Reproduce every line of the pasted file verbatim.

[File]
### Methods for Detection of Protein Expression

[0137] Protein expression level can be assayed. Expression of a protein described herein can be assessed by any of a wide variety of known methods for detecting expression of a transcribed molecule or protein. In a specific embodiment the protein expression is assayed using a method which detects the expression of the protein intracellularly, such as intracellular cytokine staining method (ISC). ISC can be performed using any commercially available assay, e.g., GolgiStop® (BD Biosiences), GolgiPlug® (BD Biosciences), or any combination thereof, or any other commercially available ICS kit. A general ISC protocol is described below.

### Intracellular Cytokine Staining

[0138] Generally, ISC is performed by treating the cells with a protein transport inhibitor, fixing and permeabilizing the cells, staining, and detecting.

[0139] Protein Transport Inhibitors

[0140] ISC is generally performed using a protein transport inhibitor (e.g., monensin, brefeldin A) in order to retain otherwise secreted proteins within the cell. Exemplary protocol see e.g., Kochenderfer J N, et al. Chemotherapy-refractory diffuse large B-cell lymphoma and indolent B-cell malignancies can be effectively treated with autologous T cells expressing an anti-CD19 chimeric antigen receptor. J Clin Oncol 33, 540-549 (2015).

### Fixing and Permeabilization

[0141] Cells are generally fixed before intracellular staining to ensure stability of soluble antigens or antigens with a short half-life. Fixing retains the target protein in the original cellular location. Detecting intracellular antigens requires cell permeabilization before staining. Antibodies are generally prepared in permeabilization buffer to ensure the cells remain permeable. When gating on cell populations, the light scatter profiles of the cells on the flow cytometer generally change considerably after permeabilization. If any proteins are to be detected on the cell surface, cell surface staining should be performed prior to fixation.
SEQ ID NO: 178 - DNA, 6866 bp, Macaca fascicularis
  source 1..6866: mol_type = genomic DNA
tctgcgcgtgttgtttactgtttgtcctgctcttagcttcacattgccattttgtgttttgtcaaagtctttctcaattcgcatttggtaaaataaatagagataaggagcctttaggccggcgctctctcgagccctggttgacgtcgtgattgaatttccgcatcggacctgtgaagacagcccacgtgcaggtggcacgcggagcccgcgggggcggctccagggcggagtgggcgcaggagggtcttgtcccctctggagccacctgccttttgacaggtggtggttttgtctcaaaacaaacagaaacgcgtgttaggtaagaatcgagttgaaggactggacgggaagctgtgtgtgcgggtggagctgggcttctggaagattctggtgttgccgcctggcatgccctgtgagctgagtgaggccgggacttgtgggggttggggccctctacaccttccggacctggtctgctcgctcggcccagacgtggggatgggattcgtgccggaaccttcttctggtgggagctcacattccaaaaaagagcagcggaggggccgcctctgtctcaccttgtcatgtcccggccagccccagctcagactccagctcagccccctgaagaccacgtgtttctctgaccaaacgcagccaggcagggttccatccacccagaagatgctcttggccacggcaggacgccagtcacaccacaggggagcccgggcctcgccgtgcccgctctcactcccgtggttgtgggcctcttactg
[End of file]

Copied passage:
### Methods for Detection of Protein Expression

[0137] Protein expression level can be assayed. Expression of a protein described herein can be assessed by any of a wide variety of known methods for detecting expression of a transcribed molecule or protein. In a specific embodiment the protein expression is assayed using a method which detects the expression of the protein intracellularly, such as intracellular cytokine staining method (ISC). ISC can be performed using any commercially available assay, e.g., GolgiStop® (BD Biosiences), GolgiPlug® (BD Biosciences), or any combination thereof, or any other commercially available ICS kit. A general ISC protocol is described below.

### Intracellular Cytokine Staining

[0138] Generally, ISC is performed by treating the cells with a protein transport inhibitor, fixing and permeabilizing the cells, staining, and detecting.

[0139] Protein Transport Inhibitors

[0140] ISC is generally performed using a protein transport inhibitor (e.g., monensin, brefeldin A) in order to retain otherwise secreted proteins within the cell. Exemplary protocol see e.g., Kochenderfer J N, et al. Chemotherapy-refractory diffuse large B-cell lymphoma and indolent B-cell malignancies can be effectively treated with autologous T cells expressing an anti-CD19 chimeric antigen receptor. J Clin Oncol 33, 540-549 (2015).

### Fixing and Permeabilization

[0141] Cells are generally fixed before intracellular staining to ensure stability of soluble antigens or antigens with a short half-life. Fixing retains the target protein in the original cellular location. Detecting intracellular antigens requires cell permeabilization before staining. Antibodies are generally prepared in permeabilization buffer to ensure the cells remain permeable. When gating on cell populations, the light scatter profiles of the cells on the flow cytometer generally change considerably after permeabilization. If any proteins are to be detected on the cell surface, cell surface staining should be performed prior to fixation.
SEQ ID NO: 178 - DNA, 6866 bp, Macaca fascicularis
  source 1..6866: mol_type = genomic DNA
tctgcgcgtgttgtttactgtttgtcctgctcttagcttcacattgccattttgtgttttgtcaaagtctttctcaattcgcatttggtaaaataaatagagataaggagcctttaggccggcgctctctcgagccctggttgacgtcgtgattgaatttccgcatcggacctgtgaagacagcccacgtgcaggtggcacgcggagcccgcgggggcggctccagggcggagtgggcgcaggagggtcttgtcccctctggagccacctgccttttgacaggtggtggttttgtctcaaaacaaacagaaacgcgtgttaggtaagaatcgagttgaaggactggacgggaagctgtgtgtgcgggtggagctgggcttctggaagattctggtgttgccgcctggcatgccctgtgagctgagtgaggccgggacttgtgggggttggggccctctacaccttccggacctggtctgctcgctcggcccagacgtggggatgggattcgtgccggaaccttcttctggtgggagctcacattccaaaaaagagcagcggaggggccgcctctgtctcaccttgtcatgtcccggccagccccagctcagactccagctcagccccctgaagaccacgtgtttctctgaccaaacgcagccaggcagggttccatccacccagaagatgctcttggccacggcaggacgccagtcacaccacaggggagcccgggcctcgccgtgcccgctctcactcccgtggttgtgggcctcttactg